Our favourite forests to visit this autumn
Autumn in Scotland is truly spectacular as our forests and lands start to glow a vibrant orange and yellow - making it a great time to visit our beautiful woodlands.
This stunning display happens when broadleaf and some conifer trees start preparing for winter. The shorter and cooler days give the trees a signal to slow down and stop photosynthesis; this causes the colours to change.
Learn more about why trees turn colour in autumn.
Here are some of our favourite autumn walks that are sure to capture your imagination.
Faskally is in the heart of Perthshire, which is always a fantastic place to experience autumn. This site was once a school for young foresters and is home to a rich mixed forest and a calm loch where you can find kingfishers and herons.
The Dunmore Trail is one of our all-abilities trails trails that takes you through a scenic autumn woodland, while the Forester’s Trail loops you along Loch Faskally, where you can see the autumn colours in full force. You might want to head along the road to Queen’s View Visitor Centre for incredible views over Loch Tummel.
This stunning riverside walk takes you through a gentle woodland stretching along the Black Water river. This now quiet forest was once bustling with the sounds of cattle and soldiers as its distinctive stone bridges were built by the army and cattle herders.
The Silverbridge and Wade’s Bridge sit along the Two Bridges Trail, a 3.3 km strenuous hike that takes you through peaty ponds, rapids, and between these historic bridges.
This great woodland is complete with a beach, historic structures, and an excellent place for spotting seabirds this autumn. Take a stole along the white sandy beach while you explore the historic defence structures built during WW2. These concrete remnants were once used as anti-tank blockades and pillboxes.
Roseisle is also home to some wonderful walking trails. Take a stroll down the Millie Bothy trail through a lovely coastal pine forest to an old fishermen's bothy and the sparkling Millie Burn. Or, wander along the Wildlife Walk Trail. You might be lucky enough to spot a red squirrel or seal.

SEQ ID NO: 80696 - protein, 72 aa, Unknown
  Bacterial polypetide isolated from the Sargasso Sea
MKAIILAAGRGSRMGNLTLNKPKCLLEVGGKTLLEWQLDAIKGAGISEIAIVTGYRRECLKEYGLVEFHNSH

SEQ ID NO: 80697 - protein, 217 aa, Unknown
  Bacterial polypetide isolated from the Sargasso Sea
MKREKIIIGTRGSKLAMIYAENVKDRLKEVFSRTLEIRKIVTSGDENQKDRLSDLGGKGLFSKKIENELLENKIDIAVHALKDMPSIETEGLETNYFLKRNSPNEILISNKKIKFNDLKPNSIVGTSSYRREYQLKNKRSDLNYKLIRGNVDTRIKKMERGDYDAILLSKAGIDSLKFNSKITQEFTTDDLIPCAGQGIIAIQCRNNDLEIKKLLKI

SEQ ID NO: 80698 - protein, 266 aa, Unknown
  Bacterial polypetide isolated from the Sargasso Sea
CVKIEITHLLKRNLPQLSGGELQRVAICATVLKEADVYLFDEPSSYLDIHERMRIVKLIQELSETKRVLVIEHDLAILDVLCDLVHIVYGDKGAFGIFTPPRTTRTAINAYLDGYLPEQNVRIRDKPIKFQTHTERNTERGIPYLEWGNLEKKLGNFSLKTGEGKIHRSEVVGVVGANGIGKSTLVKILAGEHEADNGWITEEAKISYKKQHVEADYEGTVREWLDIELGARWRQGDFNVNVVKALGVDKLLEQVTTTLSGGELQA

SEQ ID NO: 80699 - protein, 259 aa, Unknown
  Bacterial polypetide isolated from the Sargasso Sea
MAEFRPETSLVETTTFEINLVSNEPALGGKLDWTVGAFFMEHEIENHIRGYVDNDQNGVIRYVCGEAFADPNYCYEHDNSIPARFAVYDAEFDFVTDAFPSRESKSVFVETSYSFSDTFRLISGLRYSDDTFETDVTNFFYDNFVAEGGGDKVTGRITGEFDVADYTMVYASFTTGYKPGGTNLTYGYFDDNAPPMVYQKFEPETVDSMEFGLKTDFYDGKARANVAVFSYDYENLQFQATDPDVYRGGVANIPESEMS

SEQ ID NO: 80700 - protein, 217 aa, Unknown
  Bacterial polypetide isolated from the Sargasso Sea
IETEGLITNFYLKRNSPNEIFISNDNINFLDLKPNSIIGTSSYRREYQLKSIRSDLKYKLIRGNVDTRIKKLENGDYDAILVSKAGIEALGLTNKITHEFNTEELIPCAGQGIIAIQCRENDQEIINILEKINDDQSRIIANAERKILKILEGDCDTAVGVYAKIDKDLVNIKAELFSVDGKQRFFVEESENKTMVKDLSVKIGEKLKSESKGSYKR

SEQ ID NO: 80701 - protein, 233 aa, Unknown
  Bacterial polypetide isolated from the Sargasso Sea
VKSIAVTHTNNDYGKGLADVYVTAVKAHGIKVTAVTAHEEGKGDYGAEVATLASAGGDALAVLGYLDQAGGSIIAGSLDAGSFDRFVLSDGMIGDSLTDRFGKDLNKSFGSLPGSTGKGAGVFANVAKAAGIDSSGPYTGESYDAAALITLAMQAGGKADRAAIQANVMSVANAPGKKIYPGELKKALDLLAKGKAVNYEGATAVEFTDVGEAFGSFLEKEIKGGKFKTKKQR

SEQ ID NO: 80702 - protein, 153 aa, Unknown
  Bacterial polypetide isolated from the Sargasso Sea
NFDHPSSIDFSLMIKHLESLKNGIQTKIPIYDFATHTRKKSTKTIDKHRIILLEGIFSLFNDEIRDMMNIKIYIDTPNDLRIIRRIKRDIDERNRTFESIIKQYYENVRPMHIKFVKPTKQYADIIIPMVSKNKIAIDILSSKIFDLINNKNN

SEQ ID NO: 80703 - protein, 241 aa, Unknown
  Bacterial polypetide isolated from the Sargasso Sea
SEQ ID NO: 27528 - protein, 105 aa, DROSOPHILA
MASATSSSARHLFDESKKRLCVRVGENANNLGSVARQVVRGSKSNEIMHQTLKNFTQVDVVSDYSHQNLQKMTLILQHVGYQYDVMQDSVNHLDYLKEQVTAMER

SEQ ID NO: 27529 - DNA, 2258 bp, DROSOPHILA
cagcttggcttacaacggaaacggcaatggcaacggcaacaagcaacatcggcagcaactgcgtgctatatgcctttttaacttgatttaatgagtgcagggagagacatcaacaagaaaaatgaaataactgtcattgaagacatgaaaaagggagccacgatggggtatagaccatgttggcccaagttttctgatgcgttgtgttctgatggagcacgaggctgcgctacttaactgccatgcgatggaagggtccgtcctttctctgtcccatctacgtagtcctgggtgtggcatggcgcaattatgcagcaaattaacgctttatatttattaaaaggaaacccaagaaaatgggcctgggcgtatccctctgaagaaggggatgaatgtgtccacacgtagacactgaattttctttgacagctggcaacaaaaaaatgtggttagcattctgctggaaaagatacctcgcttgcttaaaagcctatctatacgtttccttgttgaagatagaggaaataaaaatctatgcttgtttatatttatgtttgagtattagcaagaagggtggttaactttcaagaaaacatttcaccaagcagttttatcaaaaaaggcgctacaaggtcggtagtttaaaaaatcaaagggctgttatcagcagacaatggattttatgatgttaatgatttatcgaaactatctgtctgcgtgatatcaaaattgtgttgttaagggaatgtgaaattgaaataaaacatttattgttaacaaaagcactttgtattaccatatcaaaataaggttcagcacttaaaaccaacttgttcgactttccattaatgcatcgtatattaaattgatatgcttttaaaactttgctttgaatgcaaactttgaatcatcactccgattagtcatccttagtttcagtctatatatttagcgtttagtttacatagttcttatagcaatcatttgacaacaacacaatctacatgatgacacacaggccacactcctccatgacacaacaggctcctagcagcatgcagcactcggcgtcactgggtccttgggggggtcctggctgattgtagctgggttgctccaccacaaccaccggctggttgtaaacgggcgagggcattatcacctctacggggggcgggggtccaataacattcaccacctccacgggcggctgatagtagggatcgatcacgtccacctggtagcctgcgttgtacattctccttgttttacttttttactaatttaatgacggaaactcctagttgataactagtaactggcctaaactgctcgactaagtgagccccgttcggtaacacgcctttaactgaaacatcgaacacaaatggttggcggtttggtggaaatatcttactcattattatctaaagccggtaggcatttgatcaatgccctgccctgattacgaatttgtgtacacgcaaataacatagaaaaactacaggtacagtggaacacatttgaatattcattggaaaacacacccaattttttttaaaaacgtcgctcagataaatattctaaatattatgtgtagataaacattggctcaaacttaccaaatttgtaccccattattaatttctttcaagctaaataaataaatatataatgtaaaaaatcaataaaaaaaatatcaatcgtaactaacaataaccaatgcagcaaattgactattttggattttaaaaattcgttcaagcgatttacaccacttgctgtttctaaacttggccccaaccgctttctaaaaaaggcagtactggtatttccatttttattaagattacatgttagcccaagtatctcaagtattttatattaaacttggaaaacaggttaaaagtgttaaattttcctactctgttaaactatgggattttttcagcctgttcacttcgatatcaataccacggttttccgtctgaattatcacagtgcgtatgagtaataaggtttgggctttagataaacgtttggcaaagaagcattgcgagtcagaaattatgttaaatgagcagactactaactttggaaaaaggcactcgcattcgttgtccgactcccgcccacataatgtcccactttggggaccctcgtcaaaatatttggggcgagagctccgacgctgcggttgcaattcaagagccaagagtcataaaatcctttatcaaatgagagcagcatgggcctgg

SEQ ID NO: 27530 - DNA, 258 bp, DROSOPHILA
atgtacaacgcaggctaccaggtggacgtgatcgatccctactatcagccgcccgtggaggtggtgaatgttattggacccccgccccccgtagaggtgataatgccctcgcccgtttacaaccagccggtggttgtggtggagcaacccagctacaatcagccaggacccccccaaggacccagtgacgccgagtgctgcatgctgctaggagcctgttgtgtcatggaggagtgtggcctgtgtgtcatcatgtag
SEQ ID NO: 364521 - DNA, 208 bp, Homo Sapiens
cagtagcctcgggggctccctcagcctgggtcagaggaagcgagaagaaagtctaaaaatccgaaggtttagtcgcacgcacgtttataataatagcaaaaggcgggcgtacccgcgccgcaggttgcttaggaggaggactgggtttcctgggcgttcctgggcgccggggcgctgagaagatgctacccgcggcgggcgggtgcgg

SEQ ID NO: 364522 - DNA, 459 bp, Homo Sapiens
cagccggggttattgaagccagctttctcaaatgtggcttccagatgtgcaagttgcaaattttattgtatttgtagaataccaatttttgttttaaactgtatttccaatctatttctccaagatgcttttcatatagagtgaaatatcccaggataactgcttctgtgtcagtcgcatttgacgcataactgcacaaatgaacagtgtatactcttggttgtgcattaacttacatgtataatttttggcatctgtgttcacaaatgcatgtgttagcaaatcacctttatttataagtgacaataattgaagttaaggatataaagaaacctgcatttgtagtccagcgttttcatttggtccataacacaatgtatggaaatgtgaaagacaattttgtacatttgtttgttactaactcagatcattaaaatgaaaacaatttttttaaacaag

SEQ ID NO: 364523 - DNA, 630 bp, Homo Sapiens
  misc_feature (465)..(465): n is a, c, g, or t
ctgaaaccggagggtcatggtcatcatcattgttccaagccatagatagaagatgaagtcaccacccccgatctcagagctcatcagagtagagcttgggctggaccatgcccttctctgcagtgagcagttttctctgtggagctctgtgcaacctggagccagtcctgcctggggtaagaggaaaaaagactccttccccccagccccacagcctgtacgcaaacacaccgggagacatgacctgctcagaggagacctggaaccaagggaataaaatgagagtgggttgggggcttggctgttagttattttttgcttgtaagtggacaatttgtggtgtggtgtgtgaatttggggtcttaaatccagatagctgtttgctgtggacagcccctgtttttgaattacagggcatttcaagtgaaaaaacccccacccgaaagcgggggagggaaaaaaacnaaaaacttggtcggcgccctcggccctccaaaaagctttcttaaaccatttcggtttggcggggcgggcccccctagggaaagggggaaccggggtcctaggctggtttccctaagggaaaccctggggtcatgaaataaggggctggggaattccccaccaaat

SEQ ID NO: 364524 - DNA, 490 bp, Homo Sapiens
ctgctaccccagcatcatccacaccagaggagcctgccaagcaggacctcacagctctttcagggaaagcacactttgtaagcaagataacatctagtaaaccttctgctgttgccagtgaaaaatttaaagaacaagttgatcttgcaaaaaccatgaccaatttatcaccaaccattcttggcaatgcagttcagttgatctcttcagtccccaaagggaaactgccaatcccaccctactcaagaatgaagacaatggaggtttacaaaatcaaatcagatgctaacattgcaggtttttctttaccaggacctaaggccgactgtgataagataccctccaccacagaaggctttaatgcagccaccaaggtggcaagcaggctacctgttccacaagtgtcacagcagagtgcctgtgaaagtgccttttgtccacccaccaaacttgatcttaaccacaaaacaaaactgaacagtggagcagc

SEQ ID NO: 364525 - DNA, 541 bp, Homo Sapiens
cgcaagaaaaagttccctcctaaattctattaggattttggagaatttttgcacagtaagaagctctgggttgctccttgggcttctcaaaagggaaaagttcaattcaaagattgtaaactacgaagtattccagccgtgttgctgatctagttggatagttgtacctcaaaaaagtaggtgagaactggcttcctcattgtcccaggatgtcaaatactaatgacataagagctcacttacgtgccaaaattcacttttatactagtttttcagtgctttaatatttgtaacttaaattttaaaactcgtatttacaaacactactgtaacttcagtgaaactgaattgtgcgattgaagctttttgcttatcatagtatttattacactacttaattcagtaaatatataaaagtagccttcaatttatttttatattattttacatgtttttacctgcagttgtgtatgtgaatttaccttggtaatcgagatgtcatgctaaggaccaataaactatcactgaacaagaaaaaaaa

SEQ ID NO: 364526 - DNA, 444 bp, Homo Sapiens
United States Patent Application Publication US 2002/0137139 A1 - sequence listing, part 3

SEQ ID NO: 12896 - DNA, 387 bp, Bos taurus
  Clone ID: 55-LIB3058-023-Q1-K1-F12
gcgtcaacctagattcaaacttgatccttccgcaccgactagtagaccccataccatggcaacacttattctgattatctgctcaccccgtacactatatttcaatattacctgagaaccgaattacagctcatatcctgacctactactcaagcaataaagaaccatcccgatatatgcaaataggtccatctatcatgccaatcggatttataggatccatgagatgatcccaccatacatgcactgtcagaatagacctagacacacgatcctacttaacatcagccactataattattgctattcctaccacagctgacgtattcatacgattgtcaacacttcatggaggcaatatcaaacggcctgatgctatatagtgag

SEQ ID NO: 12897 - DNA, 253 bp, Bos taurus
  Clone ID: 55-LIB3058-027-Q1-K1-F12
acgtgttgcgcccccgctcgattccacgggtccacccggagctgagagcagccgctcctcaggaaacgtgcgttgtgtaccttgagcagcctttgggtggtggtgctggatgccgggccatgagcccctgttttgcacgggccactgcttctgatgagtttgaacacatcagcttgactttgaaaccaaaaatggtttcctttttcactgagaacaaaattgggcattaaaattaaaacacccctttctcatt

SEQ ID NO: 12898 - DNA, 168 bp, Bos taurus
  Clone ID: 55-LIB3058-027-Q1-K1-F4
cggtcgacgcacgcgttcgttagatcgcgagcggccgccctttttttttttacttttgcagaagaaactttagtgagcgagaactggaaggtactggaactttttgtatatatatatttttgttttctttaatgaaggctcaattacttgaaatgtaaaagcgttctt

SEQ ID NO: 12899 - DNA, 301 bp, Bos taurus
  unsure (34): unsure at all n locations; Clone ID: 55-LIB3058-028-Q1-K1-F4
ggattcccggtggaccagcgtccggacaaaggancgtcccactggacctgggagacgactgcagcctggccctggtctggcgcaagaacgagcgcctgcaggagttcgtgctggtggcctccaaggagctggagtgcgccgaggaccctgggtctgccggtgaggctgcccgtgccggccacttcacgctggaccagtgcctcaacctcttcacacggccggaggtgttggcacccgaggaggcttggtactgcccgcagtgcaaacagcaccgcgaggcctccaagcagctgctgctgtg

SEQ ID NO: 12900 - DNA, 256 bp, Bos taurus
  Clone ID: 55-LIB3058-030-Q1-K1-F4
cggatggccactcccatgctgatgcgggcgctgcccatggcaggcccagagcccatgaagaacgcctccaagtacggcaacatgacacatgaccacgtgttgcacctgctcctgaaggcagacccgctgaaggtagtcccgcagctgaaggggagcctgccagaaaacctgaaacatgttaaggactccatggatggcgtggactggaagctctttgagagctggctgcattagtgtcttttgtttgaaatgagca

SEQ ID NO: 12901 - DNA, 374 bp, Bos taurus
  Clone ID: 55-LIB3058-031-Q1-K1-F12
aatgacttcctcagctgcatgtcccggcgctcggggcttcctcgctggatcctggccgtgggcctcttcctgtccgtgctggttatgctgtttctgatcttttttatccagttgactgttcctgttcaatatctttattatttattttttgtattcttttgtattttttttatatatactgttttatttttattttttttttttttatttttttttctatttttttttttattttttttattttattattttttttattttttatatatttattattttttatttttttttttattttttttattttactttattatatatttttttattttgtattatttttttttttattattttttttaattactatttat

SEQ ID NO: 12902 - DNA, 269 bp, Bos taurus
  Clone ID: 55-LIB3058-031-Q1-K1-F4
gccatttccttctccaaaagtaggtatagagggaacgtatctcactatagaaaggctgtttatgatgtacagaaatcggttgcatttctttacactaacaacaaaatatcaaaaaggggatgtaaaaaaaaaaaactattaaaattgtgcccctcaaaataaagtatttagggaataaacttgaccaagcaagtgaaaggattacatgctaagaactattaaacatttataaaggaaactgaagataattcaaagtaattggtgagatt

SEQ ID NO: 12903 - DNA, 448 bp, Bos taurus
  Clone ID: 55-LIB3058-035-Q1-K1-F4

Take a scenic waterside walk around the Carron Valley Reservoir. This moderate trail has many play features, picnic spots, and spectacular autumn views.
Carron Valley is also home to the Red Route mountain bikes path. This single-track course is fast and fun all year round. Make sure to stop at the top and admire the stunning autumn views of the great Eas Dubh or Black Waterfall.
Falls of Shin
Ancient woodland, Atlantic salmon and thundering falls, this woodland is a great spot to spend the day exploring with the whole family.
Near the Visitor Centre, you will find a short easy access route suitable for wheelchairs and pushchairs. From here, you can explore some of the longer trails that weave through towering spruce trees and native riverside woodlands.
The Falls of Shin gets its name from the River Shin. Though stunning any time of the year, it comes alive with vibrant colours and the crisp autumn air in the autumn.
Galloway Forest Park
Galloway Forest Park is made up of a number of forests, each with its own unique features and attractions. No matter where you go, Galloway has something exciting for you.
Galloway Forest Park is a great place to visit all year long. However, autumn is one of the best times to visit Scotland’s first Dark Sky Park. With the days getting shorter, our stars become more visible, making this a trip you won’t soon forget.
Galloway's Dark Sky Park is easily accessible from Kirroughtree Visitor Centre.